"John Scully's" comic strip that has a farewell every day (drawn and written by Ruben Bolling)

"John Scully's" comic strip that has a farewell every day (drawn and written by Ruben Bolling)
"John Scully's" comic strip that has a farewell every day (drawn and written by Ruben Bolling)
September 19 is the last post for this blog. Thanks to all my readers!

Wednesday, November 27, 2013

27 November 2013

Sharlto Copley b. 1973 (District 9, Elysium, Europa Report)
Tadanobu Asano b. 1973 (Thor, Battleship)
Chin Han b. 1969 (Arrow, Contagion, 2012, The Dark Knight, Blindness)
Fisher Stevens b. 1963 (Short Circuit, Lost, The Brother From Another Planet)
William Fichtner b. 1955 (Elysium, The Dark Knight , Contact, Armageddon, Invasion)
Kathryn Bigelow b. 1951(director, Strange Days)
Gerrit Graham b. 1949 (Star Trek: Voyager, Babylon 5, C.H.U.D. II – Bud the Chud)
Barbara Anderson b. 1945 (The Six Million Dollar Man, Star Trek)
Bruce Lee b. 1940 died 20 July 1973 (The Green Hornet, Batman)
L. Sprague de Camp b. 1907 died 6 November 2000 (author, A Gun For Dinosaur, Conan, Gavagan’s Bar, Viagens Interplanetarias)

Lots of good actors on the list today and the prolific writer L. Sprague de Camp, but to my mind, there is only one icon and you are looking at him. I was just out of high school when Bruce Lee died, and it really hurt to hear the news. I'm stretching a little to call The Green Hornet genre. It wasn't as campy as Batman, no weekly costumed villain to defeat, so I will invoke The First Rule of Blogging, which I first proposed earlier this year: It's My Blog and You Are Not the Boss of Me!

Many happy returns to the living.
Predictor: Norbert Wiener in The Machine Age, published 1949

Prediction: These new machines have a great capacity for upsetting the present basis of industry, and of reducing the economic value of the routine factory employee to a point at which he is not worth hiring at any price. If we combine our machine-potentials of a factory with the valuation of human beings on which our present factory system is based, we are in for an industrial revolution of unmitigated cruelty.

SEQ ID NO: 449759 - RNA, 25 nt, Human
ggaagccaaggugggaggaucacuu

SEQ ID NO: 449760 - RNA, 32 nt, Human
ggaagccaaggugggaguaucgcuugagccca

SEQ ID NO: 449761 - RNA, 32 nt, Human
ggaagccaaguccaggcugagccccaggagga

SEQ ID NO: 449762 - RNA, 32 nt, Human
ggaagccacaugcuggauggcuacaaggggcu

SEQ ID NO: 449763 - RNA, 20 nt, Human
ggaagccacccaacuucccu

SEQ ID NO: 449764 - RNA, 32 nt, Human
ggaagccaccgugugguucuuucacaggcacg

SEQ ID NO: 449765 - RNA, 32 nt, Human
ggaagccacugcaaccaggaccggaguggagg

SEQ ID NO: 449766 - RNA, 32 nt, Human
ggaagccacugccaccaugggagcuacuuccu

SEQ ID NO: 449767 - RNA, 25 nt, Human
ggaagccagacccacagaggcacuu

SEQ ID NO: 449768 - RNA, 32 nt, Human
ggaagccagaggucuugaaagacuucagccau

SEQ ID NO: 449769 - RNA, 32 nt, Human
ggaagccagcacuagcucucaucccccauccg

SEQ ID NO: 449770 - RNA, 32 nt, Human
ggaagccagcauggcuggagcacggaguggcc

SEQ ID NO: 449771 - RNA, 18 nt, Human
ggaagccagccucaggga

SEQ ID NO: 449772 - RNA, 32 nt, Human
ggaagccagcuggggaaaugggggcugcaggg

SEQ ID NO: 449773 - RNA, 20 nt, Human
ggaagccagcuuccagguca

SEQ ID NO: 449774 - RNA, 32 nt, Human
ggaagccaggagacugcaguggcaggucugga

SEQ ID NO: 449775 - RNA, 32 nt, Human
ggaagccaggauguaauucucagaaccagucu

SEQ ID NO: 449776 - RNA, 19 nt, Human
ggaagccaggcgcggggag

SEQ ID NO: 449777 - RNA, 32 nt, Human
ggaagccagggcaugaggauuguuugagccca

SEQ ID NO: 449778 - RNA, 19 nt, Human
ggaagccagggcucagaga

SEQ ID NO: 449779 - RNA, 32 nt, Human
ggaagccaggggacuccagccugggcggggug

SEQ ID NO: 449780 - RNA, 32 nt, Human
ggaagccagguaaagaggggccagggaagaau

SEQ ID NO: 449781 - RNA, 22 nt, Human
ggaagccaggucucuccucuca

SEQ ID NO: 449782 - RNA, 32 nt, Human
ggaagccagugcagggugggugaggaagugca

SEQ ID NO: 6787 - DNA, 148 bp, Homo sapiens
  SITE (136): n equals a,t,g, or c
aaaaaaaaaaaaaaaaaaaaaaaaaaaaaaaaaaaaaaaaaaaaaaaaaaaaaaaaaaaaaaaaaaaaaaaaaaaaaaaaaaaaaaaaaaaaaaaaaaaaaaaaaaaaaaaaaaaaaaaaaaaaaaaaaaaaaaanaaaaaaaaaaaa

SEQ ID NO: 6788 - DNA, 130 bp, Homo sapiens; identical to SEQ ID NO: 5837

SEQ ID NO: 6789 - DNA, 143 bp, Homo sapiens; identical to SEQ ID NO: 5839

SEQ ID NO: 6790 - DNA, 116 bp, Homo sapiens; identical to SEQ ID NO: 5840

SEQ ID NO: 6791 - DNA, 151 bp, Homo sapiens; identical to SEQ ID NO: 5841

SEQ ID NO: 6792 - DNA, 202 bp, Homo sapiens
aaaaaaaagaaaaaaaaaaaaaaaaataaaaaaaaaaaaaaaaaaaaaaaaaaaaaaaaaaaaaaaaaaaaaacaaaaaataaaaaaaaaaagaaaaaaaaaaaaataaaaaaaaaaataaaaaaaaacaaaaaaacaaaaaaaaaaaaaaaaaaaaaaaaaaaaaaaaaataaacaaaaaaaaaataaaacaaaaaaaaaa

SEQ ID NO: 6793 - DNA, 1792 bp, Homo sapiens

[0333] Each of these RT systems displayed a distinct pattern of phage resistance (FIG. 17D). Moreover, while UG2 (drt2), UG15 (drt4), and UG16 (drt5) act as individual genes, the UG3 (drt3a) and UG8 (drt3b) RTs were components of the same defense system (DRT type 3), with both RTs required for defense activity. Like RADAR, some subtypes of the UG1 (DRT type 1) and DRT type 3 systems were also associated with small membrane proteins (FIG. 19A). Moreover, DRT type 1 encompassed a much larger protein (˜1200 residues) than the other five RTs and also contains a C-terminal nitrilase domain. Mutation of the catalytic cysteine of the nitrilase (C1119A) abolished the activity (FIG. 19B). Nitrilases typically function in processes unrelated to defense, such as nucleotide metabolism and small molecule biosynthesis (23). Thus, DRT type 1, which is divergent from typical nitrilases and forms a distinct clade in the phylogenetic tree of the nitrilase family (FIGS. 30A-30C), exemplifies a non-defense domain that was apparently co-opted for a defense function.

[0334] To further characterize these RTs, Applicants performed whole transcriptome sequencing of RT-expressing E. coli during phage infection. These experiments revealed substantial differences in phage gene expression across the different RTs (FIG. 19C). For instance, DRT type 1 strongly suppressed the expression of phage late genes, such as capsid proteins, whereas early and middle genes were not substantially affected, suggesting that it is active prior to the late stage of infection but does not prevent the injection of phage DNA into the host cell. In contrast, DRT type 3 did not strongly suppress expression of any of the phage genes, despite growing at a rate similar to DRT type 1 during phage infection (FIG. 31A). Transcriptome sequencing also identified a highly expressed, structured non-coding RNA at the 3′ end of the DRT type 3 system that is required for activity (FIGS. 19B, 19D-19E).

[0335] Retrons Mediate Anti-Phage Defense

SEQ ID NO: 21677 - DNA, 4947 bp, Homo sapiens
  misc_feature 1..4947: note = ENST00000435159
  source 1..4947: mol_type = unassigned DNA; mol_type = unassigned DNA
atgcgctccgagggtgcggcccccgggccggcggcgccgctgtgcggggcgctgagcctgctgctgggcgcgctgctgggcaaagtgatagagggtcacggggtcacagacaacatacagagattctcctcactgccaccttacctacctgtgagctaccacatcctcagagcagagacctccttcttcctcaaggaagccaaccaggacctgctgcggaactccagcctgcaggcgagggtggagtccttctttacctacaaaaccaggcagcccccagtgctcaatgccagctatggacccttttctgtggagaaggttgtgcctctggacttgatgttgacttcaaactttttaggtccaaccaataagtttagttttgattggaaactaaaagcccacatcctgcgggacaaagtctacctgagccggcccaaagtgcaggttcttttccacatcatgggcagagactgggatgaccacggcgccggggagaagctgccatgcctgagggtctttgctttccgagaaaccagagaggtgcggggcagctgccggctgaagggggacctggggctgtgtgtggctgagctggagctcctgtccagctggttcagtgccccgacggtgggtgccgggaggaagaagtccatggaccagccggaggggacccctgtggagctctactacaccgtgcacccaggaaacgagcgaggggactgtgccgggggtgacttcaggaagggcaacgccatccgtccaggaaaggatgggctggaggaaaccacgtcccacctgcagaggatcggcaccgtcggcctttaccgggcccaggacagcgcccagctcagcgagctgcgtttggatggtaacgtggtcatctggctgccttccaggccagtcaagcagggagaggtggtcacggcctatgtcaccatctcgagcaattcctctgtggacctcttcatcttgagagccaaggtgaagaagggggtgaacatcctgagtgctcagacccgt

Reality: Jeez, Professor Wiener was a cheery bastard, wasn't he? Lots of fun at a party, I'd wager.

There's no exact date on this prediction, which would usually disqualify it from the prediction list, but it's from the same era as a lot of Heinlein's stuff and I think he Weiner hits the nail much more squarely than our old pal Bob did on a regular basis.

Looking one day ahead... INTO THE FUTURE!

It's Turkey Day here in the Good Old U.S.A., but on the blog it's Thursday, so we will hear from our regular Isaac Asimov, with his own view of life in The Machine Age.

Join us then... IN THE FUTURE!


  1. Agreed on the prediction.

    Also, two points on the usual topics: Much less hilarious sense of fashion than Old Bob, and pretty good facial hair also, even if it is a bit Colonel Sanders-ish.

    1. There must be a professor somewhere who wears a coat that looks like a sofa cover, but I hope I never meet him.

    2. I read his Wiki bio, he was quite a mathematician and on the very cusp of cybernetics and AI so I imagine he saw the robot assembly lines long before many others. Kevin Drum over at Mother Jones has been writing some interesting blog posts on the replacement of human workers by machine. Worth reading but again, depressing.

    3. Kevin Drum has no facial hair to speak of.

    4. He is also a cat person but none are perfect. Actually I used to have a coat much like Wiener's, it was Irish tweed and as heavy and indestructible as armor. I gave it up because I looked like a veterinarian in All Creatures Great and Small.


Traveler! Have you news... FROM THE FUTURE?